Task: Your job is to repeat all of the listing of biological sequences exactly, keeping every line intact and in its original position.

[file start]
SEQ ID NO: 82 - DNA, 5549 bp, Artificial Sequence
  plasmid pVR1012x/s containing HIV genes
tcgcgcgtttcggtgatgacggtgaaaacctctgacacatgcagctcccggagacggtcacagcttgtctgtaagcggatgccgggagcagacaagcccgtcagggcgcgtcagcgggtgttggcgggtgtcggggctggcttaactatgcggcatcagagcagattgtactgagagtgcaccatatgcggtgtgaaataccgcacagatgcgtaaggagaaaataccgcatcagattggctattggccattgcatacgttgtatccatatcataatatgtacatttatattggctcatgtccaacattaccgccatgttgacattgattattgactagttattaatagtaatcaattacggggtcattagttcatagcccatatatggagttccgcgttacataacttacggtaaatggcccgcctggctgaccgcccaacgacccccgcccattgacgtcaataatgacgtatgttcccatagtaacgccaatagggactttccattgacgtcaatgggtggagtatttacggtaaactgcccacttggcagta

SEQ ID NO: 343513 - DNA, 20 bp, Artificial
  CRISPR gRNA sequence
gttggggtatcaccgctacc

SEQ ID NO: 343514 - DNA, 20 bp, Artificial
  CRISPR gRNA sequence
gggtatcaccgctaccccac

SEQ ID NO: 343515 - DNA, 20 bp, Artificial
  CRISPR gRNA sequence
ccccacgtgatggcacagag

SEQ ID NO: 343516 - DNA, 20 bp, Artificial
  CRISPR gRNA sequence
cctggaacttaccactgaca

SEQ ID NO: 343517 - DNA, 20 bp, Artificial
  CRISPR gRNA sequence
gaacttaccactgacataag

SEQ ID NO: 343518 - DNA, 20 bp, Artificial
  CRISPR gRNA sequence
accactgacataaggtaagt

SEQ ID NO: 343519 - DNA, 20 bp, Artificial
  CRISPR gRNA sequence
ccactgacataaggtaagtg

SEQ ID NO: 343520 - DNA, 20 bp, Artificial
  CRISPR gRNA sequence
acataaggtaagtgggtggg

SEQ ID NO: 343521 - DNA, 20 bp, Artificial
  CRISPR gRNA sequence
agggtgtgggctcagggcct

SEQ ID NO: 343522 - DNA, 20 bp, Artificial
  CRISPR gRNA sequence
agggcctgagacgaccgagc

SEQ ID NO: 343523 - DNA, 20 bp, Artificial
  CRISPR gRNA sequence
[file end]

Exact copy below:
SEQ ID NO: 82 - DNA, 5549 bp, Artificial Sequence
  plasmid pVR1012x/s containing HIV genes
tcgcgcgtttcggtgatgacggtgaaaacctctgacacatgcagctcccggagacggtcacagcttgtctgtaagcggatgccgggagcagacaagcccgtcagggcgcgtcagcgggtgttggcgggtgtcggggctggcttaactatgcggcatcagagcagattgtactgagagtgcaccatatgcggtgtgaaataccgcacagatgcgtaaggagaaaataccgcatcagattggctattggccattgcatacgttgtatccatatcataatatgtacatttatattggctcatgtccaacattaccgccatgttgacattgattattgactagttattaatagtaatcaattacggggtcattagttcatagcccatatatggagttccgcgttacataacttacggtaaatggcccgcctggctgaccgcccaacgacccccgcccattgacgtcaataatgacgtatgttcccatagtaacgccaatagggactttccattgacgtcaatgggtggagtatttacggtaaactgcccacttggcagta

SEQ ID NO: 343513 - DNA, 20 bp, Artificial
  CRISPR gRNA sequence
gttggggtatcaccgctacc

SEQ ID NO: 343514 - DNA, 20 bp, Artificial
  CRISPR gRNA sequence
gggtatcaccgctaccccac

SEQ ID NO: 343515 - DNA, 20 bp, Artificial
  CRISPR gRNA sequence
ccccacgtgatggcacagag

SEQ ID NO: 343516 - DNA, 20 bp, Artificial
  CRISPR gRNA sequence
cctggaacttaccactgaca

SEQ ID NO: 343517 - DNA, 20 bp, Artificial
  CRISPR gRNA sequence
gaacttaccactgacataag

SEQ ID NO: 343518 - DNA, 20 bp, Artificial
  CRISPR gRNA sequence
accactgacataaggtaagt

SEQ ID NO: 343519 - DNA, 20 bp, Artificial
  CRISPR gRNA sequence
ccactgacataaggtaagtg

SEQ ID NO: 343520 - DNA, 20 bp, Artificial
  CRISPR gRNA sequence
acataaggtaagtgggtggg

SEQ ID NO: 343521 - DNA, 20 bp, Artificial
  CRISPR gRNA sequence
agggtgtgggctcagggcct

SEQ ID NO: 343522 - DNA, 20 bp, Artificial
  CRISPR gRNA sequence
agggcctgagacgaccgagc

SEQ ID NO: 343523 - DNA, 20 bp, Artificial
  CRISPR gRNA sequence